Karen Rebels Accuse Burma of Bombing Civilians; Appeal for Help
Mar. 25, 1992
BANGKOK, Thailand (AP) _ Ethnic rebels have called on the United Nations to save them from Burmese troops, who they say are bombing civilian villages in their largest offensive in 43 years of civil war.
The Karen National Union accused the government Tuesday of using Chinese- and Yugoslav-made jets to strafe, shoot rockets and drop phosphorus and anti- personnel bombs on civilian villages around their headquarters.
Em Marta, the spokesman, said that as of Tuesday the Burmese had still failed to accurately shell or bomb the group's headquarters at Manerplaw, 125 miles northeast of Rangoon on the Thai border.
The Karen evacuated civilians from the headquarters March 15, one day after Burmese troops seized control of their first line of defense, Sleeping Dog Mountain, 7 1/2 miles west of Manerplaw, Marta said.
Marta estimated 60,000 of the 7 million Karen in Burma are in the Manerplaw area. He said about 100 people have died and 300 have been wounded since the start of the year.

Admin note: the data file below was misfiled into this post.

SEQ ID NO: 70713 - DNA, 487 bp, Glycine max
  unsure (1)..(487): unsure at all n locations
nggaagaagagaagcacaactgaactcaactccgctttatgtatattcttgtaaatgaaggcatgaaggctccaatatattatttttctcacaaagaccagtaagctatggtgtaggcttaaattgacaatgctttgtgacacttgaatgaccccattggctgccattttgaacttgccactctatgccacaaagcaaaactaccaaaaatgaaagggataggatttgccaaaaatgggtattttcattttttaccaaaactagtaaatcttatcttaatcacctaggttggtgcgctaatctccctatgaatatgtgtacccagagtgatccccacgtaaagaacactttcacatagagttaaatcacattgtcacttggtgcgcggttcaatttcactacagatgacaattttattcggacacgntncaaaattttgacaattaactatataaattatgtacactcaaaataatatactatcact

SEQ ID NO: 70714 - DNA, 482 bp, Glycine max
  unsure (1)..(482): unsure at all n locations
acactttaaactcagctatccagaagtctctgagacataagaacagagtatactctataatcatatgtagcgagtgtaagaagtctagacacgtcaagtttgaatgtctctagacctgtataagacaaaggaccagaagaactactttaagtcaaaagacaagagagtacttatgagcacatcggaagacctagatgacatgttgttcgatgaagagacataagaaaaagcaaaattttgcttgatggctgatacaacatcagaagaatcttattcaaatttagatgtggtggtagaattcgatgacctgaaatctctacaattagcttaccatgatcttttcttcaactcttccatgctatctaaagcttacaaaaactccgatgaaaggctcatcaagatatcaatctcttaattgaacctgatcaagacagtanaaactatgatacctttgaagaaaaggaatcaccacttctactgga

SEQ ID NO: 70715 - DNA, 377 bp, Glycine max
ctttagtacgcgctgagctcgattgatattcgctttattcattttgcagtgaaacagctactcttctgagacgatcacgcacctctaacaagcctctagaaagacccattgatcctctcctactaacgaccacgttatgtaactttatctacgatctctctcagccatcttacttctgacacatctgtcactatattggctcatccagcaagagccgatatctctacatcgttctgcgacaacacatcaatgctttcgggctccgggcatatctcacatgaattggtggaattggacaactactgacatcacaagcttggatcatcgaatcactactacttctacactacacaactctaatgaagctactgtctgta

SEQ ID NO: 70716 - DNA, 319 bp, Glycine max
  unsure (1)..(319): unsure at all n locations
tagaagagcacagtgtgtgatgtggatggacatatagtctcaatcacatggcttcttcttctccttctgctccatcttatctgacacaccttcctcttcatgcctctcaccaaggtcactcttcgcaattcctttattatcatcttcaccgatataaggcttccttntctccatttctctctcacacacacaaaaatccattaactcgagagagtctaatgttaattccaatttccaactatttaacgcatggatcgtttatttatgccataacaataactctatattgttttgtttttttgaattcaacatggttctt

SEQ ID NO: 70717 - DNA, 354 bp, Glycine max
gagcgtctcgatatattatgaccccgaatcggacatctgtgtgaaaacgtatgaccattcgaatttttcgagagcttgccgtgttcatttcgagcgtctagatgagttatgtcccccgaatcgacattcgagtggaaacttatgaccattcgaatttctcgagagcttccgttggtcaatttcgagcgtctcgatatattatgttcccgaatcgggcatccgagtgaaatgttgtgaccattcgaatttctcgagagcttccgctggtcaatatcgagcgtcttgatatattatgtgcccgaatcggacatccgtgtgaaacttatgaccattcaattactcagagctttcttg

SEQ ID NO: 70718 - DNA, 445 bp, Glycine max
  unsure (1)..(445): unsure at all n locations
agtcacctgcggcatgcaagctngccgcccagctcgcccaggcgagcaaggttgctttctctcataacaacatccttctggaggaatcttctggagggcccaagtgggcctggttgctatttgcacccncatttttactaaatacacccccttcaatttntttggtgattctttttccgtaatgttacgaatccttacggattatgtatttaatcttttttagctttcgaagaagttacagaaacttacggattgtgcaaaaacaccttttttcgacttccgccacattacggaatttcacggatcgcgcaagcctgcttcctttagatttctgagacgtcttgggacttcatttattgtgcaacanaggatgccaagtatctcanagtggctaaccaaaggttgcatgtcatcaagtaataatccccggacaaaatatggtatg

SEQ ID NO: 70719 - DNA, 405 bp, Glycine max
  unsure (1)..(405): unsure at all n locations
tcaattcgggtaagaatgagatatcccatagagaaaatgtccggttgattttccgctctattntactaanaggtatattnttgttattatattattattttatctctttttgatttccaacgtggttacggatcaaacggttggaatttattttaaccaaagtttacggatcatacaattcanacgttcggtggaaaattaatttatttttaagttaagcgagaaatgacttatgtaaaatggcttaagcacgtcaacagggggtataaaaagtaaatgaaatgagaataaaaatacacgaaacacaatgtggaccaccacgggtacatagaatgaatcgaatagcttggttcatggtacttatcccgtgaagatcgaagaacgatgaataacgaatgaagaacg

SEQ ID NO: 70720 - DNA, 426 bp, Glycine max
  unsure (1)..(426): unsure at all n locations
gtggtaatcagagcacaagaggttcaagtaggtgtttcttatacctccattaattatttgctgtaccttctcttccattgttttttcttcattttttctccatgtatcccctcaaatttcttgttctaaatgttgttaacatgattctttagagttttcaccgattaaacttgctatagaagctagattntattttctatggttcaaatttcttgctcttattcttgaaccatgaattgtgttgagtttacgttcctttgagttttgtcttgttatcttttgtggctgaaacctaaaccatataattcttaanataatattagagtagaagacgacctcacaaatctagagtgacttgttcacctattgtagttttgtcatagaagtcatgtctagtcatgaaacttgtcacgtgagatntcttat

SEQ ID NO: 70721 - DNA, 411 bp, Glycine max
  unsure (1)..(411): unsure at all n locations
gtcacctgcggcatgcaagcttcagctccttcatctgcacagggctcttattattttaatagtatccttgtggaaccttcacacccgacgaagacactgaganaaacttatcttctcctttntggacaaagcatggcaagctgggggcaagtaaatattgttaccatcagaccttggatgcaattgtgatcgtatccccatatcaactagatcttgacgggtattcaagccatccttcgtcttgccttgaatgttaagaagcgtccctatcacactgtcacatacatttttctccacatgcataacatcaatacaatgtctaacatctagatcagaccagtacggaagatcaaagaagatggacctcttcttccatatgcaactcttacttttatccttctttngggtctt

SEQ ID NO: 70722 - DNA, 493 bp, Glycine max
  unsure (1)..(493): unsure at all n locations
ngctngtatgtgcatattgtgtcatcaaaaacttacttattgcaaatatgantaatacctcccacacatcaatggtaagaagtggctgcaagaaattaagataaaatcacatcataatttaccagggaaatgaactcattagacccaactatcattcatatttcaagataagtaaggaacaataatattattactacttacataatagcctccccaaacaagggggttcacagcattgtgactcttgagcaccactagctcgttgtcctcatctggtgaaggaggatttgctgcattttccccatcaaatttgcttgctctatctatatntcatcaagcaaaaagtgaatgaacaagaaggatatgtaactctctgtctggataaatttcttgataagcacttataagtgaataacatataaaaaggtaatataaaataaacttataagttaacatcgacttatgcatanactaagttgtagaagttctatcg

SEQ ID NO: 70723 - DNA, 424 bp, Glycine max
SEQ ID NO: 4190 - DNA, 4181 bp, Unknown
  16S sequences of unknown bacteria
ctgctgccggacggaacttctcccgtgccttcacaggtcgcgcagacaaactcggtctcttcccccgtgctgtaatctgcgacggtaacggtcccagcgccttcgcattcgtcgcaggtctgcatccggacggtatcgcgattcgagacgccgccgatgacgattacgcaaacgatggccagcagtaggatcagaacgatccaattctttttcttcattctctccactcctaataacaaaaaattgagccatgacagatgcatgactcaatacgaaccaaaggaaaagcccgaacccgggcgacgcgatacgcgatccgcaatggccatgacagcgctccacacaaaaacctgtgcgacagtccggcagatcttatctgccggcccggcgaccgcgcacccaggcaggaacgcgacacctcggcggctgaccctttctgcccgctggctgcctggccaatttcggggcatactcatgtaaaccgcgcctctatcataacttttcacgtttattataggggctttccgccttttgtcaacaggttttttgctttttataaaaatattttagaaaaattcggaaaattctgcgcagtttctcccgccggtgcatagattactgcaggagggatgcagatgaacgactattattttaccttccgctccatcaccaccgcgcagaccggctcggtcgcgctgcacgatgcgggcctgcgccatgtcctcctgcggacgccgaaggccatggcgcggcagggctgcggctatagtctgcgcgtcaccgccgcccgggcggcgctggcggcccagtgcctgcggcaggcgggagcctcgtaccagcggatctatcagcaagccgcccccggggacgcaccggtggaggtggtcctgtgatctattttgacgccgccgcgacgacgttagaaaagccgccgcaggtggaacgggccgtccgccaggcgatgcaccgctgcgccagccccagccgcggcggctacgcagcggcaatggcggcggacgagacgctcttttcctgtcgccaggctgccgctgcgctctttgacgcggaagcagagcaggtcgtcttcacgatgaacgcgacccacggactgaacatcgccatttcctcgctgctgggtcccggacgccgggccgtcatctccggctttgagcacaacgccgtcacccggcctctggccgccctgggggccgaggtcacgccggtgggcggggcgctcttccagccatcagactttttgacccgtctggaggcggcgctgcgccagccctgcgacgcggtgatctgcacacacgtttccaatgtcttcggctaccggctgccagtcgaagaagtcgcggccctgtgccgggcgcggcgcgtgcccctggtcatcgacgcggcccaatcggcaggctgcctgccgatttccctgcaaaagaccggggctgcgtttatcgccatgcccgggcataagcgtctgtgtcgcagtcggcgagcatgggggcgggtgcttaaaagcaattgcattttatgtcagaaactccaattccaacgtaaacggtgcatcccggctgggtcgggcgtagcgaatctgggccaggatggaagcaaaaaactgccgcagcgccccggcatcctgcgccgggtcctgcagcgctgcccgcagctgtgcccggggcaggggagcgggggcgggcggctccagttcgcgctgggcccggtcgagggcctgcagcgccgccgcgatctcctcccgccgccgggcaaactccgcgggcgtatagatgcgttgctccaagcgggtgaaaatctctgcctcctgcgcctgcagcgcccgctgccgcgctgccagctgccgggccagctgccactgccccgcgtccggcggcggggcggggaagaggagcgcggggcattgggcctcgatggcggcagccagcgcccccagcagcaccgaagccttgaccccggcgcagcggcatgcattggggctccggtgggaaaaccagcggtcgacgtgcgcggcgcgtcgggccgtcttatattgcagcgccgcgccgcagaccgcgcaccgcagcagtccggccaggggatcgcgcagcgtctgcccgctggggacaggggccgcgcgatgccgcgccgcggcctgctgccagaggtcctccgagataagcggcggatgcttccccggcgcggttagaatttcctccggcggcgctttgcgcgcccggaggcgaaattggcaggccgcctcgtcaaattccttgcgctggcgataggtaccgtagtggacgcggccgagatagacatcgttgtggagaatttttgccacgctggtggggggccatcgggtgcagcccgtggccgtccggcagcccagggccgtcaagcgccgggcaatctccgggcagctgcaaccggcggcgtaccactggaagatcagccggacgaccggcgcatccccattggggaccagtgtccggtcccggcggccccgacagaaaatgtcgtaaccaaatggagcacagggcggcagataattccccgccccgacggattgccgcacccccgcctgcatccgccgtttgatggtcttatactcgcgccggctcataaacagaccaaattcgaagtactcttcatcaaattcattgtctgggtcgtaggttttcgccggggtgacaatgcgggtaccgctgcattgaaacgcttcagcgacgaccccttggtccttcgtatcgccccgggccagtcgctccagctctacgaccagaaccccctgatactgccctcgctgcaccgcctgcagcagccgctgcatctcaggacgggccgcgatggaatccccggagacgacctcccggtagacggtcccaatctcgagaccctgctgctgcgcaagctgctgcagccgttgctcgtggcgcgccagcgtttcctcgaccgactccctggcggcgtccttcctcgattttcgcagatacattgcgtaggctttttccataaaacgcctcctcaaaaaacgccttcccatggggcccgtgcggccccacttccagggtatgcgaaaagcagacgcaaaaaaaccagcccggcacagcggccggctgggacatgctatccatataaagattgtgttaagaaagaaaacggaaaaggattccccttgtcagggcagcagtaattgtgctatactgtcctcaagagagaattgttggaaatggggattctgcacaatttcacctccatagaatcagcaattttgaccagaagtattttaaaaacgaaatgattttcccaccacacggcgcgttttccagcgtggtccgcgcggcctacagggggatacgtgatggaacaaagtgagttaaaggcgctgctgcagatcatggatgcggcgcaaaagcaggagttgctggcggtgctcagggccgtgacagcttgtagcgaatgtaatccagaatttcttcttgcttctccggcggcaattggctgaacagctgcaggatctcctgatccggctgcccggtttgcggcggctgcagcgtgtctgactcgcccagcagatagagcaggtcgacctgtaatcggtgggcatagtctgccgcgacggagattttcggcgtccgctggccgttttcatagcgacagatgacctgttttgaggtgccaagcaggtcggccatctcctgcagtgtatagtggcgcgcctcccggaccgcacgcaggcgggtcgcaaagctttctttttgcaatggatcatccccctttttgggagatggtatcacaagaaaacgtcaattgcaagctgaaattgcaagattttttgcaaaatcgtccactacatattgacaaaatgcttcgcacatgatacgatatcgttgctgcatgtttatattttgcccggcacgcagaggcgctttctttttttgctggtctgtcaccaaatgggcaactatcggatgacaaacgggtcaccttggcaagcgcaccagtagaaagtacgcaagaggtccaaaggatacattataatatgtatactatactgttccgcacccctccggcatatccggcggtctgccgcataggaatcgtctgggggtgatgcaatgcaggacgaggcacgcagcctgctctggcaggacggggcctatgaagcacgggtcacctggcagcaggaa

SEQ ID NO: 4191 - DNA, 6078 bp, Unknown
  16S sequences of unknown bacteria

The Karen are among a dozen ethnic groups in Burma that have been battling the central government for decades for greater autonomy.
About 180,000 Burmese Muslims have fled to Bangladesh to escape army repression.
Late last year, the military junta in Rangoon launched is largest offensive to date against the Karen along the Thai border.
Burmese troops are destroying the Karen National Union's villages, crops and food supplies, and raping, killing and enslaving villagers, the group said in a letter written Sunday to Boutros Boutros-Ghali, secretary-general of the United Nations.
Reporters interviewing porters and villagers who have fled into Thailand recently have been told similar stories.